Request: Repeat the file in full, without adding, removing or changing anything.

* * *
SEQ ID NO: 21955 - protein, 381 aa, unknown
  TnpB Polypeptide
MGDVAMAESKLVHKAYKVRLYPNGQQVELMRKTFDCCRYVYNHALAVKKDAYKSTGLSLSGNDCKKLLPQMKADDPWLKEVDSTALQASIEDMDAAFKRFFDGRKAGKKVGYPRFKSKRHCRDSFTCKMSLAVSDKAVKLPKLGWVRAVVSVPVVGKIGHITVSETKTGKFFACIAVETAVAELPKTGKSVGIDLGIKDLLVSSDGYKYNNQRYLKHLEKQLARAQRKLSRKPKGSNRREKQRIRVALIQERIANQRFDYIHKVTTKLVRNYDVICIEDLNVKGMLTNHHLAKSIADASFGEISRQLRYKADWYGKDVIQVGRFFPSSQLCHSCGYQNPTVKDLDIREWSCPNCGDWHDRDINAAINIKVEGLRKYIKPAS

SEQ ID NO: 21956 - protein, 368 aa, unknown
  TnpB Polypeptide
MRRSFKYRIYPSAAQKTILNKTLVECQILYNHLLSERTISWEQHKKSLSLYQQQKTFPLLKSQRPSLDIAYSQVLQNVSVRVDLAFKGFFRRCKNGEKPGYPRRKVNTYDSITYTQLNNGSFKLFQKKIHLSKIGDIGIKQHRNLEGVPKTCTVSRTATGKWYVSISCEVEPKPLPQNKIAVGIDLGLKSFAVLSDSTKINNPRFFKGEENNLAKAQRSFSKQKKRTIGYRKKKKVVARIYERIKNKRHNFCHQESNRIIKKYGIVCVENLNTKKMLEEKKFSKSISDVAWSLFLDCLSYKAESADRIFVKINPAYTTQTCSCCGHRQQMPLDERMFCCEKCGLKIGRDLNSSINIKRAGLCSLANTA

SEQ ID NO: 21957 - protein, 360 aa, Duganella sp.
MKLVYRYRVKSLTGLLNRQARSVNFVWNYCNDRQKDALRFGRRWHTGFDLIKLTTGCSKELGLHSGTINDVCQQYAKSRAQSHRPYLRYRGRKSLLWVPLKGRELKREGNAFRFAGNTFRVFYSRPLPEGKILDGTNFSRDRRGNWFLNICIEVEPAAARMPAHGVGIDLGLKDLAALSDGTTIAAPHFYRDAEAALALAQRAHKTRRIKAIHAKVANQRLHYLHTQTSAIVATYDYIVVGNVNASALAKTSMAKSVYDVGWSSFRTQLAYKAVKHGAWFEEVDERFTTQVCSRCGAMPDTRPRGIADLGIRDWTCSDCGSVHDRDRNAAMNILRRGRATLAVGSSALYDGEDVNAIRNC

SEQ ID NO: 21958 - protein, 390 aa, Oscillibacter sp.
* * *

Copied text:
SEQ ID NO: 21955 - protein, 381 aa, unknown
  TnpB Polypeptide
MGDVAMAESKLVHKAYKVRLYPNGQQVELMRKTFDCCRYVYNHALAVKKDAYKSTGLSLSGNDCKKLLPQMKADDPWLKEVDSTALQASIEDMDAAFKRFFDGRKAGKKVGYPRFKSKRHCRDSFTCKMSLAVSDKAVKLPKLGWVRAVVSVPVVGKIGHITVSETKTGKFFACIAVETAVAELPKTGKSVGIDLGIKDLLVSSDGYKYNNQRYLKHLEKQLARAQRKLSRKPKGSNRREKQRIRVALIQERIANQRFDYIHKVTTKLVRNYDVICIEDLNVKGMLTNHHLAKSIADASFGEISRQLRYKADWYGKDVIQVGRFFPSSQLCHSCGYQNPTVKDLDIREWSCPNCGDWHDRDINAAINIKVEGLRKYIKPAS

SEQ ID NO: 21956 - protein, 368 aa, unknown
  TnpB Polypeptide
MRRSFKYRIYPSAAQKTILNKTLVECQILYNHLLSERTISWEQHKKSLSLYQQQKTFPLLKSQRPSLDIAYSQVLQNVSVRVDLAFKGFFRRCKNGEKPGYPRRKVNTYDSITYTQLNNGSFKLFQKKIHLSKIGDIGIKQHRNLEGVPKTCTVSRTATGKWYVSISCEVEPKPLPQNKIAVGIDLGLKSFAVLSDSTKINNPRFFKGEENNLAKAQRSFSKQKKRTIGYRKKKKVVARIYERIKNKRHNFCHQESNRIIKKYGIVCVENLNTKKMLEEKKFSKSISDVAWSLFLDCLSYKAESADRIFVKINPAYTTQTCSCCGHRQQMPLDERMFCCEKCGLKIGRDLNSSINIKRAGLCSLANTA

SEQ ID NO: 21957 - protein, 360 aa, Duganella sp.
MKLVYRYRVKSLTGLLNRQARSVNFVWNYCNDRQKDALRFGRRWHTGFDLIKLTTGCSKELGLHSGTINDVCQQYAKSRAQSHRPYLRYRGRKSLLWVPLKGRELKREGNAFRFAGNTFRVFYSRPLPEGKILDGTNFSRDRRGNWFLNICIEVEPAAARMPAHGVGIDLGLKDLAALSDGTTIAAPHFYRDAEAALALAQRAHKTRRIKAIHAKVANQRLHYLHTQTSAIVATYDYIVVGNVNASALAKTSMAKSVYDVGWSSFRTQLAYKAVKHGAWFEEVDERFTTQVCSRCGAMPDTRPRGIADLGIRDWTCSDCGSVHDRDRNAAMNILRRGRATLAVGSSALYDGEDVNAIRNC

SEQ ID NO: 21958 - protein, 390 aa, Oscillibacter sp.